“Why do you want to date me?”
That was the question she asked after 10 minutes into the conversation. Normally she wouldn’t be here talking to him. But, she figured, why not? There weren’t many black men in these parts and the few she’d ran into held onto their non-black girlfriends like they had the secret to salvation. They definitely weren’t interested in dating black women. So, she entertained him. After all, he was brave enough to approach her. Plus, she found the fact that he was struggling to have a conversation in English — cute.
Half an hour later, she was still talking to him. Even laughing at his jokes. She laughed even harder when he said:
“Only top half of me yellow. Bottom half black-black.”
He had lyrics for days. Words of endearments that were so turnt, she was sure he went to the ‘How to Get a Girl’ school in Jamaica. When he gave her his number and asked if they could meet again, she asked: “Why do you want to date me?”
“New for me.” He said. “Different. I want to try it.”
That’s when the conversation changed. She didn’t feel she was something to try. Like a mere toy—something new and different. It unnerved her.
Terry had the same disheartening feeling when she dated Dominik.
“He didn’t like me for something as stereotypical as the ass or boobs that black women are said to have because I am very petite. This guy was just in love with the novelty of my black skin—not me!”
Terry says looking back she can clearly see how she ended up with him. Living in a country where she went weeks, sometimes months at a time without seeing another black face didn’t help and the intense glares and stares described in A Jamaican Tale – Part One added to her distress. She explains:
“I didn’t notice I was black until I came to Poland. Colour was just never a thing of interest to me while growing up in Jamaica and then here it became almost traumatic. Here being different meant I was treated like a thing … like an alien.”
She felt out of place, alone, and it didn’t take long for self-doubt to creep in.
Y’all know what happens when self-doubt shows up, right? You feel as though you’re not good enough. Your self-confidence wanes. Soon, you start looking to other people — or things — or substances to evoke feelings in you that you’re unable to feel for yourself. Terry was at that place. She says:
“I was somehow seeking validation for my skin colour and dating him was a form of reassurance.”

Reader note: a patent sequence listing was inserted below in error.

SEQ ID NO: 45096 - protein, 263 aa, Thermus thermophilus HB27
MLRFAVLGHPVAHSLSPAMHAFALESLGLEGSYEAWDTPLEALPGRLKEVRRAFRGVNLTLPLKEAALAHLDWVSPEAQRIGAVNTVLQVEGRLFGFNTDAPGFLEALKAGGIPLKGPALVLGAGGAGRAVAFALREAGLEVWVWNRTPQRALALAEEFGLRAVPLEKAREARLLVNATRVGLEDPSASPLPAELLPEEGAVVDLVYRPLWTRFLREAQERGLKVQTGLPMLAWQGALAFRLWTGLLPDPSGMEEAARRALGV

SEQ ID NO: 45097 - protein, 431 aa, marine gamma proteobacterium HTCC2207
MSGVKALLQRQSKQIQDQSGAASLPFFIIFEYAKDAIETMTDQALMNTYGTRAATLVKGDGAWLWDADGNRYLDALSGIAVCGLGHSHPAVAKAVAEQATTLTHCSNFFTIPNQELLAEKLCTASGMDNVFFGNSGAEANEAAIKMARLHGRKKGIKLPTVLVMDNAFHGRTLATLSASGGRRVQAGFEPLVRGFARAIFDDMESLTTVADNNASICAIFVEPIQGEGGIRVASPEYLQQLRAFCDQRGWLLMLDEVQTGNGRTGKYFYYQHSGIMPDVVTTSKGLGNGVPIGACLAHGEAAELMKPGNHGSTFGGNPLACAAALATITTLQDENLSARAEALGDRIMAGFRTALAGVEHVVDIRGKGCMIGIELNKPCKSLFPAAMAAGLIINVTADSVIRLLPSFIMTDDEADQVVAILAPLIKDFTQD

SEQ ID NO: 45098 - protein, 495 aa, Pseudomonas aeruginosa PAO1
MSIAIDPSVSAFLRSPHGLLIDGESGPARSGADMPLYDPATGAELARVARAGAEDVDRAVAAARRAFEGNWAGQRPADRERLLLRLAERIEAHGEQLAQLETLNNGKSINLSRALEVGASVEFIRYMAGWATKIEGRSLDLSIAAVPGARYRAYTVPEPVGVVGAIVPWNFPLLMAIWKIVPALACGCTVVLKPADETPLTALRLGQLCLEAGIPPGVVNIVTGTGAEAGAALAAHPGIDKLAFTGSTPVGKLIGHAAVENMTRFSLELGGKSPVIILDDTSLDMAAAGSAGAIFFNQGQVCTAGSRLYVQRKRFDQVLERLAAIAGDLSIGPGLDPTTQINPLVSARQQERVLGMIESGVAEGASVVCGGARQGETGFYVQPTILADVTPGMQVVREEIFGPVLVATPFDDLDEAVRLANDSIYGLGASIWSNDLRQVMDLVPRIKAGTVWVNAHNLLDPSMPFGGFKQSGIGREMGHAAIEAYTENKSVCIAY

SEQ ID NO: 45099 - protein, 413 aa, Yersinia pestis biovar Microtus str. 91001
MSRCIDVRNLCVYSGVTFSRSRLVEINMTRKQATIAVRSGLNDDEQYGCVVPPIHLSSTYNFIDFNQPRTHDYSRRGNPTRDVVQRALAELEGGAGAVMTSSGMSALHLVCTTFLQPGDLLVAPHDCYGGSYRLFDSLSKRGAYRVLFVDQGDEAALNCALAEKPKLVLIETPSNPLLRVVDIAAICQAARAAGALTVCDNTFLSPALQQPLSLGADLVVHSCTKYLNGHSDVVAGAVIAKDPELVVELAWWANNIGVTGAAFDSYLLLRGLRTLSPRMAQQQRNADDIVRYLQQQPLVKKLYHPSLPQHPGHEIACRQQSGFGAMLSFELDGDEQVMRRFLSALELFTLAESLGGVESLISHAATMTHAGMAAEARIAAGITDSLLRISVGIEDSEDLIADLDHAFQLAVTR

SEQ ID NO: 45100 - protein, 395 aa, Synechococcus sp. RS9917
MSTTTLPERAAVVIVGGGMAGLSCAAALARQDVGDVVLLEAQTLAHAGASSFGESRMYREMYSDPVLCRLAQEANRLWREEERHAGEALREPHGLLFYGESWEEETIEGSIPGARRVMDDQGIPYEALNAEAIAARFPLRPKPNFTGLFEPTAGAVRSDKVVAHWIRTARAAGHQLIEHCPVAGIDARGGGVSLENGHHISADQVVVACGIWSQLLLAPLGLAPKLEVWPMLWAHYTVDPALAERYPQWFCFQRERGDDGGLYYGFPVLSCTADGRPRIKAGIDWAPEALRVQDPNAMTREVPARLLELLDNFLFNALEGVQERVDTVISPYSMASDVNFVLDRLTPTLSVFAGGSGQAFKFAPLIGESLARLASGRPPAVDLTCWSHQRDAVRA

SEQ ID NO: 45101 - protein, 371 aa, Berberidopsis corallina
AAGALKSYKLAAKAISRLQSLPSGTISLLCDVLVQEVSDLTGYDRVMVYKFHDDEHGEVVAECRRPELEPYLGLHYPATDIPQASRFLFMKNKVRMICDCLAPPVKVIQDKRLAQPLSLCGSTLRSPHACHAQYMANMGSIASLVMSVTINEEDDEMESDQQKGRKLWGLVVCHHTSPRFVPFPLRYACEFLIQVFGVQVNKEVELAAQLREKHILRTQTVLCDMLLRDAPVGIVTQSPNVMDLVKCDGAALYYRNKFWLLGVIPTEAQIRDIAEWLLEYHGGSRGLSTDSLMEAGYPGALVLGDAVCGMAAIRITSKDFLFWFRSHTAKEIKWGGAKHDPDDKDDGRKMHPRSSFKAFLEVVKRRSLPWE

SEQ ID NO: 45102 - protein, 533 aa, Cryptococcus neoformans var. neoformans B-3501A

As soon as she realized that he was more fascinated with having a black girlfriend as opposed to having a girlfriend, she broke it off. She decided to give the dating game a rest and focus on her studies. But that’s when she met a hot, handsome, Polish man who liked her way beyond race or skin colour. It didn’t take much for her to fall in love and soon he became father to her young son.
“All was well with the world.” She says. “I was completing my degree, met a man who loved me for me, I had my son and a perfect Polish-Jamaican family.”
Sadly, the relationship didn’t last. As Terry puts it:
“We grew apart because I had a lot more growing-up to do. Looking back, it may have been possible to do all my mental growing with him but at that time I didn’t know how to. A young mother meant having another person to pour myself into and I didn’t know how to make room for myself or him in that mix.”
Currently, Terry pours herself into her work and raising her son. When asked: ‘What’s the next chapter in the story of your life?’ She replied:
“I’m not sure and I’m okay with not being sure. I’m not the same naive, innocent little girl that left for Poland eight years ago. I’ve lived, I’ve learned and I will continue to do that. I am excited about life. I am excited about love. And whatever happens next, it will be fantastic.”
Until next time remember to:
A Piece Of Mine © 2015
P.S. Subscribers, please bear with me. I am having a few site issues, but they will be resolved soon. I’ll make it up to you with a juicy tale from Japan. Until then….#Blessings